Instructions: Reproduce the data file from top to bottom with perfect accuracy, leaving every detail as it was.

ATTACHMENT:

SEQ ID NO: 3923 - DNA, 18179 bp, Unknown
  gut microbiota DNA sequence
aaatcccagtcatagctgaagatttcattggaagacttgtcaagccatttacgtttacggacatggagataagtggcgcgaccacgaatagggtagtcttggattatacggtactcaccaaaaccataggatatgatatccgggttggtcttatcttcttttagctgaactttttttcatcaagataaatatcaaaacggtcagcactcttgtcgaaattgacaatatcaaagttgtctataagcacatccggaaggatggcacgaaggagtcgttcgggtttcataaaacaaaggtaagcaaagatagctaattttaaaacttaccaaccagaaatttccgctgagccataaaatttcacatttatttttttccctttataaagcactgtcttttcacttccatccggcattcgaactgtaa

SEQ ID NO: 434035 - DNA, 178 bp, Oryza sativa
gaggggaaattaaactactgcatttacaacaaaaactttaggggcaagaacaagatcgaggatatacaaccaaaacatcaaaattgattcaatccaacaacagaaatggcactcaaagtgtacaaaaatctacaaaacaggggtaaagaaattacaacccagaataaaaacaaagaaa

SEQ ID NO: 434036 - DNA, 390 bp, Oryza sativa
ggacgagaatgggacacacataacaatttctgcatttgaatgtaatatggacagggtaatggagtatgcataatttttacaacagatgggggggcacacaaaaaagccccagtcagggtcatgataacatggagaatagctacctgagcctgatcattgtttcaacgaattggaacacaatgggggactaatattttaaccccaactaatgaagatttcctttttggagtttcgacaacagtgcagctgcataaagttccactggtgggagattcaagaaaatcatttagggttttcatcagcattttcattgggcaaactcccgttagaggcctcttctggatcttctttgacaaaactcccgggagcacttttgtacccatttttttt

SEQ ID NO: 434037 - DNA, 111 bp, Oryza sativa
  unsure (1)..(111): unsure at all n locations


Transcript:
SEQ ID NO: 3923 - DNA, 18179 bp, Unknown
  gut microbiota DNA sequence
aaatcccagtcatagctgaagatttcattggaagacttgtcaagccatttacgtttacggacatggagataagtggcgcgaccacgaatagggtagtcttggattatacggtactcaccaaaaccataggatatgatatccgggttggtcttatcttcttttagctgaactttttttcatcaagataaatatcaaaacggtcagcactcttgtcgaaattgacaatatcaaagttgtctataagcacatccggaaggatggcacgaaggagtcgttcgggtttcataaaacaaaggtaagcaaagatagctaattttaaaacttaccaaccagaaatttccgctgagccataaaatttcacatttatttttttccctttataaagcactgtcttttcacttccatccggcattcgaactgtaa

SEQ ID NO: 434035 - DNA, 178 bp, Oryza sativa
gaggggaaattaaactactgcatttacaacaaaaactttaggggcaagaacaagatcgaggatatacaaccaaaacatcaaaattgattcaatccaacaacagaaatggcactcaaagtgtacaaaaatctacaaaacaggggtaaagaaattacaacccagaataaaaacaaagaaa

SEQ ID NO: 434036 - DNA, 390 bp, Oryza sativa
ggacgagaatgggacacacataacaatttctgcatttgaatgtaatatggacagggtaatggagtatgcataatttttacaacagatgggggggcacacaaaaaagccccagtcagggtcatgataacatggagaatagctacctgagcctgatcattgtttcaacgaattggaacacaatgggggactaatattttaaccccaactaatgaagatttcctttttggagtttcgacaacagtgcagctgcataaagttccactggtgggagattcaagaaaatcatttagggttttcatcagcattttcattgggcaaactcccgttagaggcctcttctggatcttctttgacaaaactcccgggagcacttttgtacccatttttttt

SEQ ID NO: 434037 - DNA, 111 bp, Oryza sativa
  unsure (1)..(111): unsure at all n locations